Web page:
Today we received a phishing email pretending to come from LogMeIn, the popular remote administration tool. It uses a classic scare tactic “We were unable to charge your credit card for the due amount.( Merchant message – Insufficient funds )” to trick the user into opening up a fake invoice:

unphish

Of course the URL pasted in the message is using a simple trick to link to something else. You can see it by simply moving your mouse over the URL, to see its actual destination:

reallink

What struck our interest here was the fact that this link was https based. It was indeed a secure connection (details provided by SSleuth Firefox extension; thanks @JP):

sleuth

with a valid certificate:

certificatechain

The original certificate was issued to sni67342.cloudflaressl.com (CloudFlare).

SNI stands for Server Name Indication (hostname information) which according to Wikipediaallows a server to present multiple certificates on the same IP address and TCP port number and hence allows multiple secure (HTTPS) websites (or any other Service over TLS) to be served off the same IP address without requiring all those sites to use the same certificate.

On September 29, CloudFlare, a CDN and DNS provider amongst other things, announced Universal SSL, a feature available to all its paid and free customers.

It is not the first time cyber-criminals are abusing CloudFlare, and this case is not entirely surprising. By giving a false sense of security (the HTTPS padlock), users are more inclined to follow through and download the malicious file.

properties

Malwarebytes Anti-Malware detects this file as Trojan.Crypt.NKN.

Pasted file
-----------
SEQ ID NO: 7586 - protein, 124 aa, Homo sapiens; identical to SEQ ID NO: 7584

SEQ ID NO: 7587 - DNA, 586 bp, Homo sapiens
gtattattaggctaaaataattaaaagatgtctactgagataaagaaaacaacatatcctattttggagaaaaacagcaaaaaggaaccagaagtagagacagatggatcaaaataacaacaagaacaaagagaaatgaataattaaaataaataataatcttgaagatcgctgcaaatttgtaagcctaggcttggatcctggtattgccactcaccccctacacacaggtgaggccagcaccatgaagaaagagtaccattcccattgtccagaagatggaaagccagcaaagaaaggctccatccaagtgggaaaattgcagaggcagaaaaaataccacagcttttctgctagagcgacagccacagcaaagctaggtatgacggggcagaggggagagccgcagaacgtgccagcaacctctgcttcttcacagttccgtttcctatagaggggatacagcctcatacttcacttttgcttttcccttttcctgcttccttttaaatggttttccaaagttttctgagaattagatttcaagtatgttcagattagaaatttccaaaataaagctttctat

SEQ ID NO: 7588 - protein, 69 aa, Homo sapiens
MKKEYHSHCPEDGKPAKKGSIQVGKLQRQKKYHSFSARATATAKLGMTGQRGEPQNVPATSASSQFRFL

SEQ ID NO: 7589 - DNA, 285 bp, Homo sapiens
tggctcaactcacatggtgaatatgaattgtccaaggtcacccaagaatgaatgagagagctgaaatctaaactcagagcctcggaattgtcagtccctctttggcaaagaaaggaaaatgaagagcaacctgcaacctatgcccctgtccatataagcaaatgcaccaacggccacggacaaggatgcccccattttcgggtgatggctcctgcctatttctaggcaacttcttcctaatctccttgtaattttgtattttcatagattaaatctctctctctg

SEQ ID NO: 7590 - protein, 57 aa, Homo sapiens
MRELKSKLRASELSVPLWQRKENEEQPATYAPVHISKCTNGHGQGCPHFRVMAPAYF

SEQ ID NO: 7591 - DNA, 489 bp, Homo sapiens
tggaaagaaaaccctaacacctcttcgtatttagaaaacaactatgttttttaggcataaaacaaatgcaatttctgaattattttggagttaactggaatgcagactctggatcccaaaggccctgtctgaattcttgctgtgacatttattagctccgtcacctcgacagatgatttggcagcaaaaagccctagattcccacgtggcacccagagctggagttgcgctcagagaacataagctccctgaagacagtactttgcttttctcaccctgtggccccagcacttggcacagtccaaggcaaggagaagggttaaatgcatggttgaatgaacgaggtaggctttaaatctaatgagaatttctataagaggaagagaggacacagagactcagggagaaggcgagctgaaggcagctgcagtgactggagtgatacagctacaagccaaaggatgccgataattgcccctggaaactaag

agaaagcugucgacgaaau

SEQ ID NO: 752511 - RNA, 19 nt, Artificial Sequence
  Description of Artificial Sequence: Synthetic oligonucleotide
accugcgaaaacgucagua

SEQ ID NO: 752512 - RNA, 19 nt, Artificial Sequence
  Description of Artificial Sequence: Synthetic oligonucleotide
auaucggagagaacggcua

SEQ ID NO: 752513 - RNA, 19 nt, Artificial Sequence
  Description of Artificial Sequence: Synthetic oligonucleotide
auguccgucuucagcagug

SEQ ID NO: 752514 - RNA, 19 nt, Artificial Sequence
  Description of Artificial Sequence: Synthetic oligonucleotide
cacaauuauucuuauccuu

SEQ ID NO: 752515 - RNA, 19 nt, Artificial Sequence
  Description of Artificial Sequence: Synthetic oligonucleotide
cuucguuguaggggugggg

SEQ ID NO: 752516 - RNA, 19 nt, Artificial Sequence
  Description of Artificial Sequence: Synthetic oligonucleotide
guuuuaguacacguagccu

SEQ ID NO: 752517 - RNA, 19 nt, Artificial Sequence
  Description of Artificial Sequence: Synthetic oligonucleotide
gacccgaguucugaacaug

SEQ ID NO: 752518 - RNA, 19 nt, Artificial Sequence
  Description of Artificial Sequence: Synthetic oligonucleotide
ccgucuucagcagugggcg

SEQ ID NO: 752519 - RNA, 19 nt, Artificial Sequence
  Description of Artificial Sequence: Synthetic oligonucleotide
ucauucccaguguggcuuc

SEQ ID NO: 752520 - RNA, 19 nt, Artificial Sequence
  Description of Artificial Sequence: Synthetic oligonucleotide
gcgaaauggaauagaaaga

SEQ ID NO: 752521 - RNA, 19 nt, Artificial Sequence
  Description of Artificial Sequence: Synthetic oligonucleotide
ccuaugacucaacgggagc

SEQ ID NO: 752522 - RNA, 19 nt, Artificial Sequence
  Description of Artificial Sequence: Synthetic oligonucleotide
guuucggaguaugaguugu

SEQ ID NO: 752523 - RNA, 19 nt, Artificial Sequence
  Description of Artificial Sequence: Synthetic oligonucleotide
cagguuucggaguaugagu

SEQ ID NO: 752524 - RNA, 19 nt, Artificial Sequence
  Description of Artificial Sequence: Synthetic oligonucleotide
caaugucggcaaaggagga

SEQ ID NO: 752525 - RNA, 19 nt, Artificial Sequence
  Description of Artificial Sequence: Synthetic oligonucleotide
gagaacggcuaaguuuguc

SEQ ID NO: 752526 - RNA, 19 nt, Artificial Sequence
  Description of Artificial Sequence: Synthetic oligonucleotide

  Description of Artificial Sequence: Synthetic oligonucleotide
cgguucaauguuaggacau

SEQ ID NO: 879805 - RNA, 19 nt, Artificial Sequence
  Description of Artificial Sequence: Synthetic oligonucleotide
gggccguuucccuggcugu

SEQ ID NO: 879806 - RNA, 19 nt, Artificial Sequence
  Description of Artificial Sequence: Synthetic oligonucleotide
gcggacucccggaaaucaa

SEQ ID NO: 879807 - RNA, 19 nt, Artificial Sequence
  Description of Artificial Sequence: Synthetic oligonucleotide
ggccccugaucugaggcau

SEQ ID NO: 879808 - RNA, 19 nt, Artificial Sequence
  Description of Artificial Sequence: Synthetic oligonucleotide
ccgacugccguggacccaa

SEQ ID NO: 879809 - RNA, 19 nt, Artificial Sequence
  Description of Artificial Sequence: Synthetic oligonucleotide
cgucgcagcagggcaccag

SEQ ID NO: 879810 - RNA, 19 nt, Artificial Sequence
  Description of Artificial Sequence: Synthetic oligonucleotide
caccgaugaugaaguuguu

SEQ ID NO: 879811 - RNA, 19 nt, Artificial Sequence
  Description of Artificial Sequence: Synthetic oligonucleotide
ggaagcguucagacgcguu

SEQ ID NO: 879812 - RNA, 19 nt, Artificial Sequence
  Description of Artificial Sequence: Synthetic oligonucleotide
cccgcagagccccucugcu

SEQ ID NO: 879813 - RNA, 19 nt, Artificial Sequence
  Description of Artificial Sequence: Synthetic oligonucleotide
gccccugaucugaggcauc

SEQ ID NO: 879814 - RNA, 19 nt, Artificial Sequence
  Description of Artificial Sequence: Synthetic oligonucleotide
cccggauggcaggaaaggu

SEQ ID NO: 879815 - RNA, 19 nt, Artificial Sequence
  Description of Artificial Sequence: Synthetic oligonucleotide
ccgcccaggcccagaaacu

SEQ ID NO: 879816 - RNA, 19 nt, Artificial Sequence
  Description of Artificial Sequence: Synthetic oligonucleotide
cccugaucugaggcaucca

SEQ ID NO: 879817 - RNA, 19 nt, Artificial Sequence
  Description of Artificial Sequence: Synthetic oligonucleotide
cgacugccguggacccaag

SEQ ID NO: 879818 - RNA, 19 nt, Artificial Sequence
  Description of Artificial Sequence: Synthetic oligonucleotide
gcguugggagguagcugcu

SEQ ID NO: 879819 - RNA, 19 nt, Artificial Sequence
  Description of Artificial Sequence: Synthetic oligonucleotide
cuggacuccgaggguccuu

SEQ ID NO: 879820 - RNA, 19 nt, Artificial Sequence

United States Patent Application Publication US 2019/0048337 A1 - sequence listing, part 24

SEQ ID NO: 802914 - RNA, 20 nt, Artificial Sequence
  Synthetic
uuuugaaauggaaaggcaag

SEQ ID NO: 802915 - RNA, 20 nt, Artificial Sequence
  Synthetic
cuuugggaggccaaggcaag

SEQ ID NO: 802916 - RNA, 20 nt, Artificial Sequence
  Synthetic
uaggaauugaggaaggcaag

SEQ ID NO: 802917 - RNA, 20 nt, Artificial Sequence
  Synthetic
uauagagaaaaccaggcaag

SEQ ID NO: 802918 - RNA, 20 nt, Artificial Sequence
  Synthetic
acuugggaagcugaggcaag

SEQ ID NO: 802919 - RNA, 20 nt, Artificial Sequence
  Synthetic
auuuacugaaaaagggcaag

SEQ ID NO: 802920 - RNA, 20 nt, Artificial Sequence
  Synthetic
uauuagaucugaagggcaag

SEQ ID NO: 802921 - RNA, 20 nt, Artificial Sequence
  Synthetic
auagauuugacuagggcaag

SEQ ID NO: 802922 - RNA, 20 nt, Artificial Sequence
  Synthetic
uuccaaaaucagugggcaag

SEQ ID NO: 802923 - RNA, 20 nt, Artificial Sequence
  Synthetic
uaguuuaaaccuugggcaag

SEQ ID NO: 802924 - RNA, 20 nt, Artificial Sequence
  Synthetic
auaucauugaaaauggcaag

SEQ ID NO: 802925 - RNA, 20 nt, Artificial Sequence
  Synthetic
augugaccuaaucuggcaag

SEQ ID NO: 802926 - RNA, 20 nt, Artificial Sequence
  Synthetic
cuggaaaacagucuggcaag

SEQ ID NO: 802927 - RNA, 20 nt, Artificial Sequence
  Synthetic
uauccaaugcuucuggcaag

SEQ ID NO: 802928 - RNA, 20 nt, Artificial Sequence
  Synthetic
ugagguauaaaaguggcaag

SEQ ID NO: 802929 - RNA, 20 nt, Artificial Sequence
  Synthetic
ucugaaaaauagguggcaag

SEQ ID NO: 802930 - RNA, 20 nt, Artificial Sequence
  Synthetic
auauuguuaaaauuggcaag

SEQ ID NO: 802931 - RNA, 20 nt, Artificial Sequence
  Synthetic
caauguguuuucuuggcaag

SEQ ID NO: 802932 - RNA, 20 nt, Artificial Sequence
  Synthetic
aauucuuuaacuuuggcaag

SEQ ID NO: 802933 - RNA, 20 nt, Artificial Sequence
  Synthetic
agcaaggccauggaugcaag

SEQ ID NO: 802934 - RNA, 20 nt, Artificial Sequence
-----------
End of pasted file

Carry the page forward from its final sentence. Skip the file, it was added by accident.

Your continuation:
Thankfully, CloudFlare is issuing a warning that the URL is a ‘Suspected phishing site’:

warning

In some regard SSL certifications may become like digitally signed files, where while they do add a level of trust one should still exercise caution and not blindly assume everything is fine.

It might be difficult to keep up with each and every new site that wants to abuse the system (cat-and-mouse game), although in this case the domain name, registrant and registrar details are quite suspicious:

Domain name: documents-agreement.com
Registry Domain ID: 1869159429_DOMAIN_COM-VRSN
Registrar WHOIS Server: whois.bizcn.com
Registrar URL: http://www.bizcn.com
Updated Date: 2014-07-31T17:17:52Z
Creation Date: 2014-07-31T17:17:53Z
Registrar Registration Expiration Date: 2015-07-31T17:17:53Z
Registrar: Bizcn.com,Inc.
Registrar IANA ID: 471
Registrar Abuse Contact Email: abuse@bizcn.com
Registrar Abuse Contact Phone: +86.5922577888
Reseller: Cnobin Technology HK Limited
Domain Status: clientDeleteProhibited
Domain Status: clientTransferProhibited
Registrant Name: Wuxi Yilian LLC
Registrant Organization: Wuxi Yilian LLC
Registrant Street: No.1001 Anling Road
Registrant City: Xiamen
Registrant State/Province: Fujian
Registrant Postal Code: 361008
Registrant Country: cn

But these are the kind of things that may be obvious to a security researcher but not necessarily to a machine.

We can certainly expect cyber criminals to start using SSL more and more given that it is freely available and not extremely difficult to put in place.

Another standard known as Extended Validation Certificate SSL (EV SSL) requires additional validation than plain SSL, but again, this does not make things simple for the end user. If regular SSL is deemed weak, then we have a bit of a problem.

If you are interested in reading more about SSL, you should check out a recent blog post by one of our security analysts about SSL personas.

Note: We have reported this URL to CloudFlare and hope they can revoke the SSL certificate and shutdown the site.

@jeromesegura